LIAT is set to restart service on November 1, 2020, at least according to information from the Antigua and Barbuda cabinet.
The airline entered into administration in July after years of financial difficulty were exacerbated by the COVID-19 pandemic. Cleveland Seaforth of BDO was assigned as the airline’s administrator and was tasked with charting the company’s plans for recovery.
According to the Antigua Observer, the first flight will take place from Antigua (ANU) to Dominica (DOM) as a signal of intention to return to the market. Regular service is expected to start from November 8, to a limited number of destinations.
As it stands, the airline’s administrator still has to seek court permission to scale back operations to fit into the new plan.
“To the best of my understanding, legally the administrator would have to go back to court to seek the court’s consent to be able to deal with the type of separation and rehiring at different rates – all of these issues where they would have to officiate existing contracts – these are measures that would have to be done at the level of the administrator and the courts,” said Minister of Information Melford Nicholas spokesperson.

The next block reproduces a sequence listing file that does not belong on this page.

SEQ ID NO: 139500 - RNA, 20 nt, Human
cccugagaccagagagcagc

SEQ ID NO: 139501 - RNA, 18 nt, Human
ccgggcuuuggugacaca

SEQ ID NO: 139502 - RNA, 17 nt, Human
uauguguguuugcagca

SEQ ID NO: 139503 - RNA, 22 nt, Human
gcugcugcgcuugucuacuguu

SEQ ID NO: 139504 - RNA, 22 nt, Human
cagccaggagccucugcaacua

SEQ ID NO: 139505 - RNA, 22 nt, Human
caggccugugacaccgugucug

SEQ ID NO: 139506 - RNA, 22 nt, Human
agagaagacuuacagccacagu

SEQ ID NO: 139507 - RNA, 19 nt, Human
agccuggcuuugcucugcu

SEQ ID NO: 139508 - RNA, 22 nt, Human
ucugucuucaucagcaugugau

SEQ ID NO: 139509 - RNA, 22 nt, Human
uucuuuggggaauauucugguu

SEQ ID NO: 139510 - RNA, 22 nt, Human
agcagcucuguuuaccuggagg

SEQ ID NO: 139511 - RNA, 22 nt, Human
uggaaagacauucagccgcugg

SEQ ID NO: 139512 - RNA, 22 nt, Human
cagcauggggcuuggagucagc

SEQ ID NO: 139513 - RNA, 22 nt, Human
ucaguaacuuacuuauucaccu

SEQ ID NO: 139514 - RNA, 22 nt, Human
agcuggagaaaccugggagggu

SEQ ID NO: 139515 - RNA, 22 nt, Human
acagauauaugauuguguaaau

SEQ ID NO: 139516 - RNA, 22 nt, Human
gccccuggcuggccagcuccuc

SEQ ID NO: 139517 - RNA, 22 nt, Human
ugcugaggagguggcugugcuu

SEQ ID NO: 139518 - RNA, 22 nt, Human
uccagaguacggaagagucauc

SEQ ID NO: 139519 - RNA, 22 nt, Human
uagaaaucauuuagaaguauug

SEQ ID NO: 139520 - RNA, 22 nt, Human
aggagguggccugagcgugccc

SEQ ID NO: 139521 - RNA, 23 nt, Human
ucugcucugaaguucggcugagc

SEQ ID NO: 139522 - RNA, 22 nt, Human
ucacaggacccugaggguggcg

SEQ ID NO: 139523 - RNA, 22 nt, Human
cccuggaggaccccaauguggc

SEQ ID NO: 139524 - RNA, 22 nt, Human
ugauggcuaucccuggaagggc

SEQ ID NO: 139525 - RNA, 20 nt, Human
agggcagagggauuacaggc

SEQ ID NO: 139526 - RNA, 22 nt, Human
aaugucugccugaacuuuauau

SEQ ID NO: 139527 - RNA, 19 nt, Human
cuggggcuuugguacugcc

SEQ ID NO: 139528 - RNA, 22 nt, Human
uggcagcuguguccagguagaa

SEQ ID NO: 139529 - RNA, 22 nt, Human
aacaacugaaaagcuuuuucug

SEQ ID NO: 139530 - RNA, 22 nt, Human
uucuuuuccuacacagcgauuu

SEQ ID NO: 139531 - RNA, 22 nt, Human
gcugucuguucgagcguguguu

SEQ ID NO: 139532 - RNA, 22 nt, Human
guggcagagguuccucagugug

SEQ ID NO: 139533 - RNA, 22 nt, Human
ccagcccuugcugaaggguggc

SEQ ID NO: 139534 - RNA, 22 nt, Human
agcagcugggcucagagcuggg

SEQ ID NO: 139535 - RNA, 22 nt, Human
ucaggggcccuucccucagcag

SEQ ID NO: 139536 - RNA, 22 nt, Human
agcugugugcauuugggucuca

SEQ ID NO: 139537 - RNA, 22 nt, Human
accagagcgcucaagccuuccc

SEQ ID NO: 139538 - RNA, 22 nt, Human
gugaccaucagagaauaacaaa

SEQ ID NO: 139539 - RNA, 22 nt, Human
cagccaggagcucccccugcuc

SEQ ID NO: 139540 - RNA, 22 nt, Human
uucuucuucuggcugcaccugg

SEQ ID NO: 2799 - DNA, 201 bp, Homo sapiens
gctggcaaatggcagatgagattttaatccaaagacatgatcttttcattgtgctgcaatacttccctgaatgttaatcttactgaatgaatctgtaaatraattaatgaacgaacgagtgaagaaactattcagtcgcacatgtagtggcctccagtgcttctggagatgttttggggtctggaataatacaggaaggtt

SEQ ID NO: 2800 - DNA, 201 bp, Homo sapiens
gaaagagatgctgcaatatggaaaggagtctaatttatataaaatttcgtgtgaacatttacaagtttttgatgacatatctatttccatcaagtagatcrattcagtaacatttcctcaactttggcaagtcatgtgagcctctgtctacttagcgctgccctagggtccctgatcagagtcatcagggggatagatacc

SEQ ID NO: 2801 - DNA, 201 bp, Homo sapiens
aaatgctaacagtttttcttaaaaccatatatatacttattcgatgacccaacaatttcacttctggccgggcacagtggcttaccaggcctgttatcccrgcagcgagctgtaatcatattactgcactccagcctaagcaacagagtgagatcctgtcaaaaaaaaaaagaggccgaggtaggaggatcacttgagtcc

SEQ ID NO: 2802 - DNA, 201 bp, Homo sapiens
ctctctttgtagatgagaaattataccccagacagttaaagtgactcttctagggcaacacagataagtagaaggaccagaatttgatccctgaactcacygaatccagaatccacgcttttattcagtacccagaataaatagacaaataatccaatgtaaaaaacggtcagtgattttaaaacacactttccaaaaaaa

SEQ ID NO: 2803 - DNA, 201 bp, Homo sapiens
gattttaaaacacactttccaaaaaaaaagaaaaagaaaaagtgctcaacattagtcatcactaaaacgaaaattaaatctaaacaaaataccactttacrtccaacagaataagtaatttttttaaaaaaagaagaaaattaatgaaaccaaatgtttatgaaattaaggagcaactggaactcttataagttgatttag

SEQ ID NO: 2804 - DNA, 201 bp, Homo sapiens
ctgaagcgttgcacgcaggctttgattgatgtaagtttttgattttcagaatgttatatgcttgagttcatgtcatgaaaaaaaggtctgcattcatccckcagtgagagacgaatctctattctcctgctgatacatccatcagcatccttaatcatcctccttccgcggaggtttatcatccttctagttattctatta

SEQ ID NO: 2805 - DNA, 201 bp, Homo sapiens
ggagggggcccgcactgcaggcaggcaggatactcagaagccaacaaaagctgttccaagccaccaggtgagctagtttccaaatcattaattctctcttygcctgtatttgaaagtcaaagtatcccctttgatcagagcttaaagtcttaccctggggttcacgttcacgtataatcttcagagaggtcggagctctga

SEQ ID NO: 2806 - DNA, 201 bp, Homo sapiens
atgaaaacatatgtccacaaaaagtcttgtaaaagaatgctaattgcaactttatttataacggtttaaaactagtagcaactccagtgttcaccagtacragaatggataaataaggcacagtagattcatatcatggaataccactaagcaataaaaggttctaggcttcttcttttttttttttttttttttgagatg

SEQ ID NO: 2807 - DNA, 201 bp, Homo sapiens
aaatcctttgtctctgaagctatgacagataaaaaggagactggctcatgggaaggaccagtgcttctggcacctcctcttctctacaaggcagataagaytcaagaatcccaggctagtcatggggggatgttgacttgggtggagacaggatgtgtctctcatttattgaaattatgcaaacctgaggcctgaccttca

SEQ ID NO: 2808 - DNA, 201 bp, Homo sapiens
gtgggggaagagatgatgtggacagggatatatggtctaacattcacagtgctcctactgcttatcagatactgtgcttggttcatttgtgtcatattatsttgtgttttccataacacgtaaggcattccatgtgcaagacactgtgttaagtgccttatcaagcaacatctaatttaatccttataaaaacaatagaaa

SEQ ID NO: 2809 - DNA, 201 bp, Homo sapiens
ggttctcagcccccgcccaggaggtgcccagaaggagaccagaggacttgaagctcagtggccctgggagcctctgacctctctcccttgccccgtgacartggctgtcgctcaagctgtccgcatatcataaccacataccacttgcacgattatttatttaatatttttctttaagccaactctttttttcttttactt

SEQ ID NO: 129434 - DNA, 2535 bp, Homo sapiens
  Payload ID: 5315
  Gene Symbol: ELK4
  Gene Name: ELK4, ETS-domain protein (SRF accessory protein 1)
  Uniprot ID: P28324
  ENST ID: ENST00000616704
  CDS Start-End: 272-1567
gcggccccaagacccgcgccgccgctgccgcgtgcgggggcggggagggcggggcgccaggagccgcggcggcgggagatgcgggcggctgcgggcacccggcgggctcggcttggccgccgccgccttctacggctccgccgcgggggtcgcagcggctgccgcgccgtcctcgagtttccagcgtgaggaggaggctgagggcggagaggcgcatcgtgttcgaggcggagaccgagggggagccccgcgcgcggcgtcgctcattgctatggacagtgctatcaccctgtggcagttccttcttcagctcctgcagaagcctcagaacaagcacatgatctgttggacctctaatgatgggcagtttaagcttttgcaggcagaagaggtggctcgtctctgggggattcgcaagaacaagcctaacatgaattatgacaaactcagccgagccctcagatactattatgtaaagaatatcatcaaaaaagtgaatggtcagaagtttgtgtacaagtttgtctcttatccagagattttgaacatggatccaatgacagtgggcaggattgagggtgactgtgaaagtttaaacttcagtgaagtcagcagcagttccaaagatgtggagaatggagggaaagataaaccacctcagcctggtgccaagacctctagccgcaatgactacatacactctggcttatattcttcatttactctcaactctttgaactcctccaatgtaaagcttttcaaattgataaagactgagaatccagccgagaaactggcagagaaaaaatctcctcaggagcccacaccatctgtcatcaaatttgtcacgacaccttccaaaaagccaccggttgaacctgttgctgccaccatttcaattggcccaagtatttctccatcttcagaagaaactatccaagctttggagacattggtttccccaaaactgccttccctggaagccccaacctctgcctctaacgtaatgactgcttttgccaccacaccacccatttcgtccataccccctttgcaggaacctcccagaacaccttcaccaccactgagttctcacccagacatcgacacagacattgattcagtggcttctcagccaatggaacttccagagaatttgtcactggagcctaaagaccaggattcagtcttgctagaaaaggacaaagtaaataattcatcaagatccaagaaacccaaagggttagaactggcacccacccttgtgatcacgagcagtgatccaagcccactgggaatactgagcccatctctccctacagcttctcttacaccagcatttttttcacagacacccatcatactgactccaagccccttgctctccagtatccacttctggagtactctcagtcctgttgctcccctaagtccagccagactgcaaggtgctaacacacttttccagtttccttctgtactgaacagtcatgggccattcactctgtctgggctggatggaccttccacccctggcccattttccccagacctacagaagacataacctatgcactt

The Observer is also reporting that Seaforth was given permission by the Eastern Caribbean Supreme Court to terminate leases for seven of the airline’s ATR turboprops, which would leave them with just three aircraft in their fleet if executed.
Even though no routes have been announced as yet, this ‘new’ LIAT faces an uphill battle as competing carrier Caribbean Airlines has started gobbling up a number of Caribbean routes, with prop service out of countries including Barbados, Dominica, St. Lucia, St. Vincent, and others. Caribbean Airlines also put in an application with the Guyana Civil Aviation Authority to fly from both Trinidad (POS) and Barbados (BGI) to Olge (OGL) in Guyana.
[Featured Photo: Bradley Wint/Gate Checked]